In time series analysis, a **moving average **is simply the average value of a certain number of previous periods.

An **exponential moving average **is a type of moving average that gives more weight to recent observations, which means it’s able to capture recent trends more quickly.

This tutorial explains how to calculate an exponential moving average for a column of values in a pandas DataFrame.

**Example: Exponential Moving Average in Pandas**

Suppose we have the following pandas DataFrame:

import pandas as pd #create DataFrame df = pd.DataFrame({'period': [1, 2, 3, 4, 5, 6, 7, 8, 9, 10], 'sales': [25, 20, 14, 16, 27, 20, 12, 15, 14, 19]}) #view DataFrame df period sales 0 1 25 1 2 20 2 3 14 3 4 16 4 5 27 5 6 20 6 7 12 7 8 15 8 9 14 9 10 19

We can use the pandas.DataFrame.ewm() function to calculate the exponentially weighted moving average for a certain number of previous periods.

For example, here’s how to calculate the exponentially weighted moving average using the four previous periods:

#create new column to hold 4-day exponentially weighted moving average df['4dayEWM'] = df['sales'].ewm(span=4, adjust=False).mean() #view DataFrame df period sales 4dayEWM 0 1 25 25.000000 1 2 20 23.000000 2 3 14 19.400000 3 4 16 18.040000 4 5 27 21.624000 5 6 20 20.974400 6 7 12 17.384640 7 8 15 16.430784 8 9 14 15.458470 9 10 19 16.875082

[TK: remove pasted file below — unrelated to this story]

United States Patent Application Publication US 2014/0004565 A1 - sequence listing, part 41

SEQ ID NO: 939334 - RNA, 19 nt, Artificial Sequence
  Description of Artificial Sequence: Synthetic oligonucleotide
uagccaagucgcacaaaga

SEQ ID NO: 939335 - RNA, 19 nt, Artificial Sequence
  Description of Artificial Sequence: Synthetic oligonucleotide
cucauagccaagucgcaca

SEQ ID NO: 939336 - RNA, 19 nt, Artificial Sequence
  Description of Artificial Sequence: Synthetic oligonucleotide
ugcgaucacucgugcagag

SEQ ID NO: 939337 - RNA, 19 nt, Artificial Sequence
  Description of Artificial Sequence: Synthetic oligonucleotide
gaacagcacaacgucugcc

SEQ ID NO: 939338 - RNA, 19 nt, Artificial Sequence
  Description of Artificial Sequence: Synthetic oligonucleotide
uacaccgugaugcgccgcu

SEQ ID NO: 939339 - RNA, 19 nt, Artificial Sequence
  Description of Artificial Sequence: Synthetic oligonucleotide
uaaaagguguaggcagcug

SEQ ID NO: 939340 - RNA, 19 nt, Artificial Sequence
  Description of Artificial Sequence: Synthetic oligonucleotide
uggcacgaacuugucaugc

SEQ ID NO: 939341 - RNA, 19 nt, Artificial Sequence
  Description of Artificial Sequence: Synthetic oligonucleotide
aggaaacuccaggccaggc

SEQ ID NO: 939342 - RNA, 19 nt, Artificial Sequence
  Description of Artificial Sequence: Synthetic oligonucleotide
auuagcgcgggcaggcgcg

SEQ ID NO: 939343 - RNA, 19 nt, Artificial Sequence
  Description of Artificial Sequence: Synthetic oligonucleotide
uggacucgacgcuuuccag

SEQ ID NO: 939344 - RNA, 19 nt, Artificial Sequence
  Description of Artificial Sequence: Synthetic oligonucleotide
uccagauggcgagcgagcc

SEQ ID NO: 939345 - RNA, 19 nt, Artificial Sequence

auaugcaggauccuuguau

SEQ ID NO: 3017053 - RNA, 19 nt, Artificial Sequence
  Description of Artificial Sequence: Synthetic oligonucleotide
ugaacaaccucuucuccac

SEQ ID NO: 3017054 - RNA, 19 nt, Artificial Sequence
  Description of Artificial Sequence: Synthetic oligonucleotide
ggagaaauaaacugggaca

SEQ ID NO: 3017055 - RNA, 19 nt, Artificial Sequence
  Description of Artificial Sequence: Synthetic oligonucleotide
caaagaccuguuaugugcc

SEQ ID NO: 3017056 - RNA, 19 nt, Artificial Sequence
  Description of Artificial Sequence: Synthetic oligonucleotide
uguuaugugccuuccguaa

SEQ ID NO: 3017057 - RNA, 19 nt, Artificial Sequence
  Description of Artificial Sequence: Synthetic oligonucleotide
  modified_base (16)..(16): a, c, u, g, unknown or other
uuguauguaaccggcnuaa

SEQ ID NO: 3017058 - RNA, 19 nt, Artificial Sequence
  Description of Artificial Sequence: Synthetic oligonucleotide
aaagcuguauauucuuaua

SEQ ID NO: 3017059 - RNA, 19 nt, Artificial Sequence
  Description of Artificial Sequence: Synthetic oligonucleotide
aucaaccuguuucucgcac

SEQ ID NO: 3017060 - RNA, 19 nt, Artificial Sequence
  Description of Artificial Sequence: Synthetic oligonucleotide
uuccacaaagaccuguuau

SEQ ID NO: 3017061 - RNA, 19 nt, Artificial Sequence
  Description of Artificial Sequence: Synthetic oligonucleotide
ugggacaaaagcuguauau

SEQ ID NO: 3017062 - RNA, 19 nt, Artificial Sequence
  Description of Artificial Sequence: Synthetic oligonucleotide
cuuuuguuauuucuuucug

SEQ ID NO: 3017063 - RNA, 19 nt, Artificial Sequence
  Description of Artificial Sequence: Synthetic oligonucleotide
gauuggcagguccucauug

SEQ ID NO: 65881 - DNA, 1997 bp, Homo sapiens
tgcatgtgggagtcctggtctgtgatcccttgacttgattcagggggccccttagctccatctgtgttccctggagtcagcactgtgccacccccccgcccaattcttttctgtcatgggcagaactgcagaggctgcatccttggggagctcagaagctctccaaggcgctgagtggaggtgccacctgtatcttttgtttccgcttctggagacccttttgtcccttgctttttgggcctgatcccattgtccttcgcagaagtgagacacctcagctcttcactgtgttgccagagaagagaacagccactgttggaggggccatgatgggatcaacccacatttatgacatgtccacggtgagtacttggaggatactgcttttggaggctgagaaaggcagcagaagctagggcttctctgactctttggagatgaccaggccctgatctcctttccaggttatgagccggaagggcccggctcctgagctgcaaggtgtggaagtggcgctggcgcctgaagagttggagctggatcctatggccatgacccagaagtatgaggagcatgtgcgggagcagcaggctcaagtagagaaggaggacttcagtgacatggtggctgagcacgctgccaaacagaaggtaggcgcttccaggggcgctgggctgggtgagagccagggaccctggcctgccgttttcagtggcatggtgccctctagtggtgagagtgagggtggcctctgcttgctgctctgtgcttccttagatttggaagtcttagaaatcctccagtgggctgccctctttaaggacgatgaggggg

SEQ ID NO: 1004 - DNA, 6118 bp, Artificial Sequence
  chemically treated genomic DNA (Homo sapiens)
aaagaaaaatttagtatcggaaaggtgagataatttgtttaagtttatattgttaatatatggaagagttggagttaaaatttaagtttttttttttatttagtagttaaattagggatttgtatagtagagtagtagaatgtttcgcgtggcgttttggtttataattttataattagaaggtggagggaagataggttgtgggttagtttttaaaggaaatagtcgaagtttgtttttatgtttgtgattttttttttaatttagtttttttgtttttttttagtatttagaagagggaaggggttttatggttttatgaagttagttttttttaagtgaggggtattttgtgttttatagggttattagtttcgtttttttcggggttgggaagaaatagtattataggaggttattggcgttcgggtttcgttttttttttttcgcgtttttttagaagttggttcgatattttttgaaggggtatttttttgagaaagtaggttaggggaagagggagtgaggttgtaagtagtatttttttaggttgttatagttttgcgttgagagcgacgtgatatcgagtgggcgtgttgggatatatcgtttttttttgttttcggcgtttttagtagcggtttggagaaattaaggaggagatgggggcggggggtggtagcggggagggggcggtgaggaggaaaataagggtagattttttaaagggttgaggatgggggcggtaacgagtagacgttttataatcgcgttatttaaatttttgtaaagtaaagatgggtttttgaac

We can also use the matplotlib library to visualize the sales compared to the 4-day exponentially weighted moving average:

import matplotlib.pyplot as plt #plot sales and 4-day exponentially weighted moving average plt.plot(df['sales'], label='Sales') plt.plot(df['4dayEWM'], label='4-day EWM') #add legend to plot plt.legend(loc=2)

**Additional Resources**

How to Calculate Moving Averages in Python

How to Calculate the Mean of Columns in Pandas

How to Calculate Autocorrelation in Python